Oldboy

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OLDBOY (2013)
Directed by Spike Lee
On DVD 104 min
♥♥♥♥

Spike Lee’s OLDBOY is a remake of the 2003 South Korean cult film of the same name. Lee creates an intense mystery thriller filled with sex and violence and lots of afflictive emotional states for its characters. Some may judge the film as just another action flick with a motive to make money; what my film professor used to refer to as a junk food movie. But OLDBOY is no junk food movie. It may seem tasteless on the surface, but the flavor runs deep.

The story begins when drunken advertising executive Joe Doucett, expertly portrayed by Josh Brolin, hits on a big client’s girlfriend and loses the deal he just closed. Joe continues his bender, ends up being knocked out and wakes up in a hotel room with no way out. His captors keep him alive by pushing food under the door and we watch him transform into a vengeful killer as he spends 20 years in the room before he is released.

Out from his prison he almost immediately meets compassionate Marie Sebastian, played beautifully by Elizabeth Olsen, who allows us to fall in love with Marie from the get go. I’m not going to say much more about the plot, you have to watch the film to see what happens. It is full of twists and turns and worth paying attention to.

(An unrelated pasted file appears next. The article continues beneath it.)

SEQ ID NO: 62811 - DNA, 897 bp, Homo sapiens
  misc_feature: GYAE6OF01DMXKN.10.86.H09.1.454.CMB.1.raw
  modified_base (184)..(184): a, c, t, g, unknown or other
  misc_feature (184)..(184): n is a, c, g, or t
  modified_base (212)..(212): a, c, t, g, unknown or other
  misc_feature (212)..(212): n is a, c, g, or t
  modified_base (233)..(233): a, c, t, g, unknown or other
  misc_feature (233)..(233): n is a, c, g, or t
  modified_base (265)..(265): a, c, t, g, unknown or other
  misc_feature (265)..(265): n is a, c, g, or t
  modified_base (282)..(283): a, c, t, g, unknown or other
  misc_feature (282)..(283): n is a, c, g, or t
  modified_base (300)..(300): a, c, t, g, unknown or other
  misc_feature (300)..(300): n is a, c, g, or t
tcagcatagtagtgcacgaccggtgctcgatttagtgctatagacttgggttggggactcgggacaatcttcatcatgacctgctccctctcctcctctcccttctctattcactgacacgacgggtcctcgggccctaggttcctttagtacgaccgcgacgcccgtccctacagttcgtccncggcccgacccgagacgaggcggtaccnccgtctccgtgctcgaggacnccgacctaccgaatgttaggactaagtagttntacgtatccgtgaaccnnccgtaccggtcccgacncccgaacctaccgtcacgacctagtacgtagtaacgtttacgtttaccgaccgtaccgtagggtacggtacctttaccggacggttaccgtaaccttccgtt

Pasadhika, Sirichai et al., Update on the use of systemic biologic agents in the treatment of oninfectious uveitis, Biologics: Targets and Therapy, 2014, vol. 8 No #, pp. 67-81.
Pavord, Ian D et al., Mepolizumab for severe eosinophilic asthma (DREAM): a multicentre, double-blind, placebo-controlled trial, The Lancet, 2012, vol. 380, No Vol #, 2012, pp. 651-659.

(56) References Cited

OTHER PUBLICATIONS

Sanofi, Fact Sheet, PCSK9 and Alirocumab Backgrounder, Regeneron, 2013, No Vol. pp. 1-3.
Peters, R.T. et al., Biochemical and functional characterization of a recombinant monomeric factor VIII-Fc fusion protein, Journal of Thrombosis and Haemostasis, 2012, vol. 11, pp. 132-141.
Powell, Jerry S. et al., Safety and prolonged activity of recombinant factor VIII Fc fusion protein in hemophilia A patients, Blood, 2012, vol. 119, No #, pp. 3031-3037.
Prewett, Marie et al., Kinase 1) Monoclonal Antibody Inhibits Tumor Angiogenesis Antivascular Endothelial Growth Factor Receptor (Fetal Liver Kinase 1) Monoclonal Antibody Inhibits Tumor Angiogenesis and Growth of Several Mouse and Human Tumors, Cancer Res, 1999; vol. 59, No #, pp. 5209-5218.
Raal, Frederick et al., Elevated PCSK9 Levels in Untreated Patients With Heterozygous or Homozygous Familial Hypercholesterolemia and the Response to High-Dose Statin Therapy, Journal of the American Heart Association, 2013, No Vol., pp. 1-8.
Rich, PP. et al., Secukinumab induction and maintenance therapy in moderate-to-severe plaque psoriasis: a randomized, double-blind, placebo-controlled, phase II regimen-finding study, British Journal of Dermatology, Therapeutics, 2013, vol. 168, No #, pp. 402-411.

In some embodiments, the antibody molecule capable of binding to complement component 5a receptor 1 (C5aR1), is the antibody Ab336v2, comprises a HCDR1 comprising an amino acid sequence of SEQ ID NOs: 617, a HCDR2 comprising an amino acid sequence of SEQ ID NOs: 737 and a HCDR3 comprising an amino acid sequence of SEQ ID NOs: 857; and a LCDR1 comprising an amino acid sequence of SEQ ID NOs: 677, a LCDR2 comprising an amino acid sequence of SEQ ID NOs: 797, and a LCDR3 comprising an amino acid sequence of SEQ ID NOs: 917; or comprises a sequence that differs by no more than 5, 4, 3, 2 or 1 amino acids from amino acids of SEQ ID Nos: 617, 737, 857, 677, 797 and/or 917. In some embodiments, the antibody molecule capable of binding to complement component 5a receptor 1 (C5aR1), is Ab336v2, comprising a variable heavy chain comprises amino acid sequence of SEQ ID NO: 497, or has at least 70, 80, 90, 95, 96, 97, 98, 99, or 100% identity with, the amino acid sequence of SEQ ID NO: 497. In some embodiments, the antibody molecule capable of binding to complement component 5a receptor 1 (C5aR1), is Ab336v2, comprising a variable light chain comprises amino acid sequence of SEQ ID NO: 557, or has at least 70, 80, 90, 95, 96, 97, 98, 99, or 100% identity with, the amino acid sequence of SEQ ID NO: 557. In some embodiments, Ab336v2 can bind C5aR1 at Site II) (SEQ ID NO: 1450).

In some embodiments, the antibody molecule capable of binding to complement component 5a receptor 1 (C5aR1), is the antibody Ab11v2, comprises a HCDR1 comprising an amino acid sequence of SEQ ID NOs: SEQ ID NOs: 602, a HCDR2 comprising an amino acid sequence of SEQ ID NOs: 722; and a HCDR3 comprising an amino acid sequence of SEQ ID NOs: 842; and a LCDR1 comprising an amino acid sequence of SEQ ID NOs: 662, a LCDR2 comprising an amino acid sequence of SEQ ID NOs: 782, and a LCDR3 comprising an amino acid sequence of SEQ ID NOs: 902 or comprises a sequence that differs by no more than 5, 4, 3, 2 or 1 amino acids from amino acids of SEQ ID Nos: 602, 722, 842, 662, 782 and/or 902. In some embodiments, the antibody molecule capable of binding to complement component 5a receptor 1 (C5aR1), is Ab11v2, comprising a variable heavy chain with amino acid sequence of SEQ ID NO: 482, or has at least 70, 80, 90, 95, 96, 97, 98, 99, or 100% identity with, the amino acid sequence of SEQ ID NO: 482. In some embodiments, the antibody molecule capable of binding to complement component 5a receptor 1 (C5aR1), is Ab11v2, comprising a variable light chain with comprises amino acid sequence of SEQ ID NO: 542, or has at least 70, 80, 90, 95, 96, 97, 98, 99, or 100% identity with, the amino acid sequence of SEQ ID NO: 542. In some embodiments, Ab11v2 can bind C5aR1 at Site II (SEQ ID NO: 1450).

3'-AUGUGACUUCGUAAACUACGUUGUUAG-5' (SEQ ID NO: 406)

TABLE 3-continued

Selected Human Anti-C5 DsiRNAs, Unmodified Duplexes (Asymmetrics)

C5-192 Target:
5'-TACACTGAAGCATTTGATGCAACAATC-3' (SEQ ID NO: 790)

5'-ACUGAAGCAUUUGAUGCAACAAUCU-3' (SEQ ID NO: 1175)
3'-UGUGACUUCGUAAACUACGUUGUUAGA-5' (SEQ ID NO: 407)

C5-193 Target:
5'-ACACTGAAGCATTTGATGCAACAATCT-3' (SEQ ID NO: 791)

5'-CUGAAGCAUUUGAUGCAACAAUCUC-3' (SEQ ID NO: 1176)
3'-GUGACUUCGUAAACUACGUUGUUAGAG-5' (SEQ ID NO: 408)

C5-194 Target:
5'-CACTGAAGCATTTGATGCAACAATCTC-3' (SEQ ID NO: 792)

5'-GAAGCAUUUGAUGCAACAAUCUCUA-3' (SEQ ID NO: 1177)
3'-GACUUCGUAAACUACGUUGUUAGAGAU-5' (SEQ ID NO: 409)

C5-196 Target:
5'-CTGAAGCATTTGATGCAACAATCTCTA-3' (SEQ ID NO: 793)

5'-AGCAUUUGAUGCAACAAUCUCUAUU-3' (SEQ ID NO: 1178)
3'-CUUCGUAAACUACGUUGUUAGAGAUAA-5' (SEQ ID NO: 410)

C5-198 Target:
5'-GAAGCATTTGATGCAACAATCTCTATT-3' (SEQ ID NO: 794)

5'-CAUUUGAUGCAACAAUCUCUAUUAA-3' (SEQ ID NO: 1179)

Packed with motives for revenge the story plays out powerful messages. It tells us how brutal the impact of our words can be. Something carelessly spoken can come back to haunt us big time. The film tells us about judging others. We’re quick to develop our arrogant opinions about the actions of others, but if we take time to look we can see that given the same circumstances, the exact thoughts and beliefs, we would do just what the other person does. The story speaks of anger and what indulging anger can do, how we build worlds around anger and go to war destroying ourselves, and others around us.

This movie is definitely worth seeing. It is violent for sure. I had to cover my eyes a few times to reduce the impact of the gore. But it is well shot using expressionist technique, cast with precision and powerfully thought provoking. It doesn’t let us off the hook for unkindness, we are locked up for that, but compassion has a different outcome. For opening our hearts we get what we yearn for, that wish fulfilling gem.

 

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